LAUNCESTON, Australia, Oct 11 (Reuters) – Indonesia wants to export more coal in order to earn U.S. dollars to shore up its faltering currency, but the problem is buyers don’t seem to be hearing the message.
Indonesia’s coal exports dropped to 24.8 million tonnes in September, down 12.4 percent from August’s 28.3 million tonnes and 10 percent from 27.6 million tonnes in the same month last year, according to vessel-tracking and port data compiled by Refinitiv.
If the drop isn’t worrying enough, it comes even as the price of lower-grade Indonesian coal is at its widest discount to higher-quality Australian thermal coal.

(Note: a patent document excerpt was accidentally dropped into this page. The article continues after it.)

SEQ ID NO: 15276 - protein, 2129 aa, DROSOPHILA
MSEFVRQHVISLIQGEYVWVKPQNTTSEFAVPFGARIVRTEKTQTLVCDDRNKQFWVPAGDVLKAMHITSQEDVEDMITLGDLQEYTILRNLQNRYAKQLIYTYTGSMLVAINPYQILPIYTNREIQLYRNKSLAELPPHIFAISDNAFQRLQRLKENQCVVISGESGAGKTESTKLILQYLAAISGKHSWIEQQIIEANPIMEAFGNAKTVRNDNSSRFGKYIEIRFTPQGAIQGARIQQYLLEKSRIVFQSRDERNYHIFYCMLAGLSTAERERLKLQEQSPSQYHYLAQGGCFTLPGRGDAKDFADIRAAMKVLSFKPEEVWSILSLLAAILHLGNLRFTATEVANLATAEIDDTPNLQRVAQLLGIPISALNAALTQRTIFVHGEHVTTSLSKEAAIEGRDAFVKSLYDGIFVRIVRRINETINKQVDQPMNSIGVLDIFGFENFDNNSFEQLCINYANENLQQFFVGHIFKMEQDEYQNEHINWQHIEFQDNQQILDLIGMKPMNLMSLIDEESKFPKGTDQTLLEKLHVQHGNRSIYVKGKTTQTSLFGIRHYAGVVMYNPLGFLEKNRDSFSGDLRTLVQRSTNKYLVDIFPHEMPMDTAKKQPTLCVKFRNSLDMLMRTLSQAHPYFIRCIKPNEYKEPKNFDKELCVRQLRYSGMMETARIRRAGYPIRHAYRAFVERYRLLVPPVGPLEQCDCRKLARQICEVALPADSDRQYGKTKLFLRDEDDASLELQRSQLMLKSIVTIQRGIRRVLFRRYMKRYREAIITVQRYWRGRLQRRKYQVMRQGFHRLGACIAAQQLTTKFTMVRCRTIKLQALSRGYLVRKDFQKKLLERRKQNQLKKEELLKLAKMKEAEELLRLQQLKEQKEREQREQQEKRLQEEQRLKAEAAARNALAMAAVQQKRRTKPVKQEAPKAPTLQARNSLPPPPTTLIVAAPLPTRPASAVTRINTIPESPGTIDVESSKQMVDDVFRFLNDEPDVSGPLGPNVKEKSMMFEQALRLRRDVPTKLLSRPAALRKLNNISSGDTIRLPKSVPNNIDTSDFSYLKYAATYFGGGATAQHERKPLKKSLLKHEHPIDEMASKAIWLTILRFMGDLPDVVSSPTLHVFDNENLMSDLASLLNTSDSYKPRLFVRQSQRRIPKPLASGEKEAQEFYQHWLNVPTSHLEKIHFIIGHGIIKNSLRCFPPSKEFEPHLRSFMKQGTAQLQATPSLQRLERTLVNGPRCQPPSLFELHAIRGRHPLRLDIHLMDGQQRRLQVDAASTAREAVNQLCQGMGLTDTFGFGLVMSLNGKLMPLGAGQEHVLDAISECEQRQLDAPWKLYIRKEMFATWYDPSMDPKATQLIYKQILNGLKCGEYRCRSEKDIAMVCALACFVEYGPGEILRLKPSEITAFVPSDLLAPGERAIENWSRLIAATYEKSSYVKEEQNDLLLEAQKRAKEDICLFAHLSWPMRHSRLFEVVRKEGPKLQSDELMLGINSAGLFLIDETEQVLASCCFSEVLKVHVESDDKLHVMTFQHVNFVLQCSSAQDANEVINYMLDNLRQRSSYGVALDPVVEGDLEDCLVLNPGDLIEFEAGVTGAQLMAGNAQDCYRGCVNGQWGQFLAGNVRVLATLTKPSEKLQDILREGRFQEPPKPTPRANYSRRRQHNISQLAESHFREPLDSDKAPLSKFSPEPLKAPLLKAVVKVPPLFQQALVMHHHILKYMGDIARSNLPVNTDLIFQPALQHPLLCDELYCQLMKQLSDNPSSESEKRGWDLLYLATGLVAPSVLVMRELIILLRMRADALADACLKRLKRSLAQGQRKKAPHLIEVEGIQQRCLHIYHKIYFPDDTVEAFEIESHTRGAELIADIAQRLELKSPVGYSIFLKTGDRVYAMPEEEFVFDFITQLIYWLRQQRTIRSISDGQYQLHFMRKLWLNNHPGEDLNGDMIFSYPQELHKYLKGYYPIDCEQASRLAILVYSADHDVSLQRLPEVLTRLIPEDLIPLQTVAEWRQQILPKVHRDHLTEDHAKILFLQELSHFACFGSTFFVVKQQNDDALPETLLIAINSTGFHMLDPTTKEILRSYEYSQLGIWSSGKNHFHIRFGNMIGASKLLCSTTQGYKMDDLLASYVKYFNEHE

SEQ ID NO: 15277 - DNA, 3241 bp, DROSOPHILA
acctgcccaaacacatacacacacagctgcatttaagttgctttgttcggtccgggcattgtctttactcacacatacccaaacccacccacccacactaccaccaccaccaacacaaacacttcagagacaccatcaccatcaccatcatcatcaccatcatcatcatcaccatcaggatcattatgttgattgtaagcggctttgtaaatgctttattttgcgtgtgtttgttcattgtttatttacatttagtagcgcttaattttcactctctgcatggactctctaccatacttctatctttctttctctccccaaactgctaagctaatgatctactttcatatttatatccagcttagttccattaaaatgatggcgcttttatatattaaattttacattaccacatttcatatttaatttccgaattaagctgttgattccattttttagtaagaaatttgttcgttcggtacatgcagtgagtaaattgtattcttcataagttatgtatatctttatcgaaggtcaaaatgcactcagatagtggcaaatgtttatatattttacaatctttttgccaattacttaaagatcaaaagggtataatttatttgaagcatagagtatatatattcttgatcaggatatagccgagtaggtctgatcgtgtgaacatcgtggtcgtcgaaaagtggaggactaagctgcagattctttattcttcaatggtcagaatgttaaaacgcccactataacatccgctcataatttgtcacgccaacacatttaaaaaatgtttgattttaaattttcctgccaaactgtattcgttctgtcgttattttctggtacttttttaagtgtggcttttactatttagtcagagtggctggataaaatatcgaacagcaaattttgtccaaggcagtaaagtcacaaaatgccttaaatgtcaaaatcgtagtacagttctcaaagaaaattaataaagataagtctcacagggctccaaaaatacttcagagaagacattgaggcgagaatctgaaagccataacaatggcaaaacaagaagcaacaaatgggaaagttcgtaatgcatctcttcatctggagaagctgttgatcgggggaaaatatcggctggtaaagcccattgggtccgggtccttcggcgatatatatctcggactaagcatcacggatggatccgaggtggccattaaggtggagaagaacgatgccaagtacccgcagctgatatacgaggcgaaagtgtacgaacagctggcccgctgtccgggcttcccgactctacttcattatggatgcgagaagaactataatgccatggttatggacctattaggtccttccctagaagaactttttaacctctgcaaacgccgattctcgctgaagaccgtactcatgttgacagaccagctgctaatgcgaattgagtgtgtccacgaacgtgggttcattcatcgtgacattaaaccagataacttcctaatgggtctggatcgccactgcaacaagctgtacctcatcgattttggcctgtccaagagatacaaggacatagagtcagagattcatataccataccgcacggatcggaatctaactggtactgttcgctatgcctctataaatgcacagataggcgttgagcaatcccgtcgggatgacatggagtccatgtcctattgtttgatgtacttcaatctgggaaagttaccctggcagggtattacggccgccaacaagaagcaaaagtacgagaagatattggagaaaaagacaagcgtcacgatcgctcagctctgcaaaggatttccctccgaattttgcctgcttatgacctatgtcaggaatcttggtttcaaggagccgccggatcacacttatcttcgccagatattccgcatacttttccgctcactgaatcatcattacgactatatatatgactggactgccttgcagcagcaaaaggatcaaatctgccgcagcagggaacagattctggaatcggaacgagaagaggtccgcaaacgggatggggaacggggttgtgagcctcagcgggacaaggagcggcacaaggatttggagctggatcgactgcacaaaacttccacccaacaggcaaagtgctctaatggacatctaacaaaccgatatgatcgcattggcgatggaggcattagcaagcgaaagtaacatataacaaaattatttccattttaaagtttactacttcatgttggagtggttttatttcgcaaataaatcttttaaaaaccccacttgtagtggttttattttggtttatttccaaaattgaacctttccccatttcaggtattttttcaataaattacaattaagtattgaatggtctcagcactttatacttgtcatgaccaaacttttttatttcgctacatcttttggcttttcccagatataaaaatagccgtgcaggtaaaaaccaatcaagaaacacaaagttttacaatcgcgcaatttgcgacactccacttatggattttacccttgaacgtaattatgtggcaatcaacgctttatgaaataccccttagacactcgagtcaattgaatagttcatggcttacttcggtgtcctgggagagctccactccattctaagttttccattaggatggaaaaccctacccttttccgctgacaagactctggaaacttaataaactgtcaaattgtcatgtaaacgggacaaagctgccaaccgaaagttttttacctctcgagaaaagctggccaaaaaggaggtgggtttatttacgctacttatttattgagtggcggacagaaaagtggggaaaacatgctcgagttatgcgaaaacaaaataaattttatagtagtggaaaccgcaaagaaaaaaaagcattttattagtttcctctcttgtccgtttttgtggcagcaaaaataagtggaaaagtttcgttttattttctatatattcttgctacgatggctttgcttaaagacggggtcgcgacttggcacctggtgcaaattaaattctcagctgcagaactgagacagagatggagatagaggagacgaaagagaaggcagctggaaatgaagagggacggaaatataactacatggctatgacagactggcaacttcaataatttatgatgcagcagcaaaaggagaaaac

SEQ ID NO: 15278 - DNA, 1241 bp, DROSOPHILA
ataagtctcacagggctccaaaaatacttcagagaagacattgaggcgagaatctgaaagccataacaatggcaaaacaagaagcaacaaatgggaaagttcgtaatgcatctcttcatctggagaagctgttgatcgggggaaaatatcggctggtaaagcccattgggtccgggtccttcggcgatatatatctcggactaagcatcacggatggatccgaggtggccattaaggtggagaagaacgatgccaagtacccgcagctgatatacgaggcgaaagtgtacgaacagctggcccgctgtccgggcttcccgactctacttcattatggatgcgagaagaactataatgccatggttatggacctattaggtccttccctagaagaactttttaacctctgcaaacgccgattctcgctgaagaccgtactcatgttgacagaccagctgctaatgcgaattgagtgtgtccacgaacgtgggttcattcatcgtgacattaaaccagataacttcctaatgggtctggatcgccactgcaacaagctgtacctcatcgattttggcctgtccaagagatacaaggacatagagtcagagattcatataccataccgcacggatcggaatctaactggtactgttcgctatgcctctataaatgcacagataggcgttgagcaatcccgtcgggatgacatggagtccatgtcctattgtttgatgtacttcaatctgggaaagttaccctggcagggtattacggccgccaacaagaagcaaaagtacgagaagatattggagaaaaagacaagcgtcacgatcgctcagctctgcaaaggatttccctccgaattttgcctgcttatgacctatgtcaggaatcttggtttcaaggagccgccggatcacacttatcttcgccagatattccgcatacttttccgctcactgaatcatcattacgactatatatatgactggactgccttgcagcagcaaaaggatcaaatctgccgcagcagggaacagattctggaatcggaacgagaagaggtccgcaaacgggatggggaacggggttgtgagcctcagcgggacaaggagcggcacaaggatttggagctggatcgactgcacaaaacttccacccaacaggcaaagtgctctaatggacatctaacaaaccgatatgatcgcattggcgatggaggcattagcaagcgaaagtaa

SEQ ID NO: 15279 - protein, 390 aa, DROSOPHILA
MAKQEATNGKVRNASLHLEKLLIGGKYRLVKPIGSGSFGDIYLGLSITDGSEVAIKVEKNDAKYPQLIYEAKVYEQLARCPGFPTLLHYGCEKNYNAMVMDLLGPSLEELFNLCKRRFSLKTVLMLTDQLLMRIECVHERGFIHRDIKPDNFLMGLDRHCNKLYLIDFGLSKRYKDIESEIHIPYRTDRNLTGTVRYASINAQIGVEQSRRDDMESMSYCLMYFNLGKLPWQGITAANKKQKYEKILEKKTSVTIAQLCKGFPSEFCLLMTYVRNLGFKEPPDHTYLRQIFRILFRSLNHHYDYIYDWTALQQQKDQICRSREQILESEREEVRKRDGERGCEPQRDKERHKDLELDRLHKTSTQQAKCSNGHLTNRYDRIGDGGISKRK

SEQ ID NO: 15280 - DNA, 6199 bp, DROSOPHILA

Indonesia is planning to increase its 2018 output of coal to around 507 million tonnes, up from a previous target of 485 million tonnes. The aim is to convert the additional U.S. dollars from sales of the polluting fuel into rupiah, which has dropped about 12 percent so far this year against the U.S. currency.
In theory, importers should be keen to ramp up purchases of Indonesian coal, as the massive discount to Australian cargoes more than compensates for the lower energy value. The price of thermal coal at Australia’s Newcastle port , as assessed by Argus Media, was $112.25 a tonne in the week ended Oct. 5.